4
1.3 litre
1.5 litre
1.6 litre

O
O
O
O
O

6
2.0 litre
2.5 litre


O
O
O
Remember this was made both economically feasible, and efficient in a manufacturing sense, by having one bore centre for the transfer lines which produced the block. All versions could be made on the same production line!

The target assumptions, and prototype testing revealed excellent results.


Inevitably, in the GM engineering hierarchy the XS was too different from GM’s mainstream engine designs, too complex, required too many unique technologies, and thus in a corporation which often shaves cents of a new model to save costs, it was just too out-of-left-field.
What the project does highlight however, is the sheer intellectual genius of its designers. Dr Ulrich Bez is now COO of Aston Martin, Dr. Andreas Truckenbrodt runs AFCC (jointly-owned by Mercedes-Benz and Ford Motor Company), developing electric fuel cell technology, and Jiri Seidl retired to Prague.
It’s also another casualty in the battle between the survival of innovation, and the crippling effect of mass market cost pressures.
DRIVING THE EPICA
We take off to the west from the Queensland Gold Coast in the Epica CDXi and up into the mountainous hinterland, then head south through the Great Dividing Range, crossing the NSW-QLD border near Springbrook, and down into Murwillumbah for lunch. Then back through the hills, via Tomewin and Currumbin Valley to Surfers Paradise.


This is a great test route, as the road climbs and falls, with both tight and gradual curves, differing tarmac surfaces, and provides close to 200km of opportunity to gauge performance, economy and ride and handling.
First, the engine pulls strongly and is very quiet (unusual for a GM engine). As other road tests have reported the 2.0 litre version of the XS is pretty breathless and needs to be driven to the 6500rpm redline to extract any sort of performance - but the 2.5 litre has much more mid-range torque, and is easily the best choice of the two.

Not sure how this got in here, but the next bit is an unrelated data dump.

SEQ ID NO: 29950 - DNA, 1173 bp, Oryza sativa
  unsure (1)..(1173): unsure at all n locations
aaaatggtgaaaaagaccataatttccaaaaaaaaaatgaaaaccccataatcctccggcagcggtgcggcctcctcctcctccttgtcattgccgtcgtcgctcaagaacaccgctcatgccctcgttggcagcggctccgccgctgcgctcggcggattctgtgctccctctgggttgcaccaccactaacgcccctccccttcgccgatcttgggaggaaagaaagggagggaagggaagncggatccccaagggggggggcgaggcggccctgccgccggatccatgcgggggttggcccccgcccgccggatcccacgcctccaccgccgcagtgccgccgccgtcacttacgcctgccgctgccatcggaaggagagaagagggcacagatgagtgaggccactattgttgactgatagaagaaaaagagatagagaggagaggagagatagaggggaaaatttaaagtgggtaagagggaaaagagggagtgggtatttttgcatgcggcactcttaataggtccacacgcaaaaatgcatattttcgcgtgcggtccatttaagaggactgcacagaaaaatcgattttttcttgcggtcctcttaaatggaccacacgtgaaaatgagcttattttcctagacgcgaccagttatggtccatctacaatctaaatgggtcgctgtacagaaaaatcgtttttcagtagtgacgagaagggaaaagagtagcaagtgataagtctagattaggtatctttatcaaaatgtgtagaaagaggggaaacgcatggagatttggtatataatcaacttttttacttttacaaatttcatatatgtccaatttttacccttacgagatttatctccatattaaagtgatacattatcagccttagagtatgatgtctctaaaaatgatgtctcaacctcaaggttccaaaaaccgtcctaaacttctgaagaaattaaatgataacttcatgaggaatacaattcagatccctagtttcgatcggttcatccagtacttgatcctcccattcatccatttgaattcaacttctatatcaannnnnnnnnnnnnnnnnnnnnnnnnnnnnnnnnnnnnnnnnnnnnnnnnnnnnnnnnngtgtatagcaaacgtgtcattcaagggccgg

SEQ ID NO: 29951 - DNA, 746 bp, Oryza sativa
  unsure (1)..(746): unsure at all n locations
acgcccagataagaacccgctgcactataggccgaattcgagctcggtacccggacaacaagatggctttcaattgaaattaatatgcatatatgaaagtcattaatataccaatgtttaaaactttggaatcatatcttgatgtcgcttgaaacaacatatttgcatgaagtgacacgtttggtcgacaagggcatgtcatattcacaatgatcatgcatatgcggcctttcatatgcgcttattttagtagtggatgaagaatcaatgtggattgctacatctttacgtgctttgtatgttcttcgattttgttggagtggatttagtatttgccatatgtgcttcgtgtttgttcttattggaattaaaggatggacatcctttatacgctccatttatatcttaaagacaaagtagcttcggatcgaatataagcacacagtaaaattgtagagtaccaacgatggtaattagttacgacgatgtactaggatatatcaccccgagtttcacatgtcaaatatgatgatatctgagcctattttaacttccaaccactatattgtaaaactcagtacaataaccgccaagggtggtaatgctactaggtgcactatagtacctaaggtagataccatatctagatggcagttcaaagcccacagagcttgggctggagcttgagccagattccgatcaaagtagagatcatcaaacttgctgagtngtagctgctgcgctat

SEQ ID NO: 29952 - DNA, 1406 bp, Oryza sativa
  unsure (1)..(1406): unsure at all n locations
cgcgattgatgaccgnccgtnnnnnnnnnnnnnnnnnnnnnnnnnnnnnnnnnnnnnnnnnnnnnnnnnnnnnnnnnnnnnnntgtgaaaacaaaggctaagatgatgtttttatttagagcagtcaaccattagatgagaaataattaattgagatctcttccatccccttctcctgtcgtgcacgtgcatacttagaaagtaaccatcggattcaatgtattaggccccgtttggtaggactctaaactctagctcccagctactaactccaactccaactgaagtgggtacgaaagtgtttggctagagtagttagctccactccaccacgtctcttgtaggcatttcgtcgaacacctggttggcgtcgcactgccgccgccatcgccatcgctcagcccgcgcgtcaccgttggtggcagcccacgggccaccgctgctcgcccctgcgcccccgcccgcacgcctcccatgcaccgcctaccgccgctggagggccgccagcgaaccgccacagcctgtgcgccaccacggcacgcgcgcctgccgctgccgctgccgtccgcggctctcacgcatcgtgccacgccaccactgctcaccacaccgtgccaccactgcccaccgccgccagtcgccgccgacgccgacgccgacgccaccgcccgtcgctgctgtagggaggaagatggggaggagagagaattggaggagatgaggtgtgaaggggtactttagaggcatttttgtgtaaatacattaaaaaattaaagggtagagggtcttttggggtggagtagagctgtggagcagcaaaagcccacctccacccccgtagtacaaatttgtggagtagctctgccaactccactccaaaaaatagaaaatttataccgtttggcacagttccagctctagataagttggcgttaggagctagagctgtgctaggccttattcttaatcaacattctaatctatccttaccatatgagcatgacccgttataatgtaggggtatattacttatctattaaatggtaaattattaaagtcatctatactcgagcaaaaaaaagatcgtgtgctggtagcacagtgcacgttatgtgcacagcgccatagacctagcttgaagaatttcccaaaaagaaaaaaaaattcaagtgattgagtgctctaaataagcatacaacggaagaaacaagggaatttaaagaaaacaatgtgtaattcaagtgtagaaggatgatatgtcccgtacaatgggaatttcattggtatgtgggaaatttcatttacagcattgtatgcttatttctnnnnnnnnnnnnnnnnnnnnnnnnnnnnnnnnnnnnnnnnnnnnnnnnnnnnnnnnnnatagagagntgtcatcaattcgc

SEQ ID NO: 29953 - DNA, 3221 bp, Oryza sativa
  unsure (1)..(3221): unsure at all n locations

The ZF automatic transmission has been replaced now by a 6-speed GM design, the 6AT40. The combination of the 2.5L SX and the GM 6-speed works very well. The calibration of the transmission has been well-matched to the engine, and it's a pleasure to drive.
The ride is comfortable and the handling is positive, although the steering lacks feel. The secondary ride, thanks to the 2700mm wheelbase, is very impressive and this has to be attributable to the tuning that Holden engineers carried out at Lang Lang.
The McPherson strut front, and multi-link rear suspensions are well-tuned for our roads, and with excellent cabin comfort and legroom for the occupants, the Epica surprised by showing up as a good touring car for four adults. There’s no banging and clunking from the suspension on indifferent surfaces, and long suspension travel easily soaks up deeper undulations.



If the Australian market was big enough to handle profitable volumes of a light six sedan, pitched below Commodore, I have no doubt the Epica (despite its bland Korean styling) would have been an able competitor. However, with the main competition being cars with sophisticated four cylinder engines, like Toyota’s excellent Camry, it’s not hard to see why GM craved a four cylinder engine for Epica to be properly competitive.
However, here’s a question? In the planned lineup, with the current success of the Holden Cruze, where exactly does a four cylinder Holden/Chevy Malibu (Epica’s replacement) fit in? Seems like GM Holden may now have more models than it needs in this segment!


Heading back to the Gold Coast after a counter lunch in Murwillumbah, I remain impressed with the XS engine. Looking under the hood, it’s certainly a tight fit, but the engine delivers on all its targets. I even managed a commendable 8 litres/100km fuel economy for the round trip.
Thinking back to the first time I drove an XS-engined Daewoo Espero prototype at GM’s Millbrook (UK) Proving Ground in 1997, it is certainly a chalk-and-cheese comparison. Coming back from ten laps of the Hill Route circuit, I complained about lack of mid-range torque.However, the prototype engine did pull strongly, and was very quiet at maximum revs, as I thrashed around the circuit chasing a very quick Uli Bez.
Millbrook Proving Ground Hill Route

The Epica will pass from view, and by the sound of it will be quickly forgotten, but I think it’s place in the automotive firmament should be secured by the innovative technology represented by its very interesting, transverse, inline six cylinder engine - born under the rule of an eccentric Korean car company chief and German genius engineers. That’s not to forget Jiri Seidl, whose idea it was in the first place!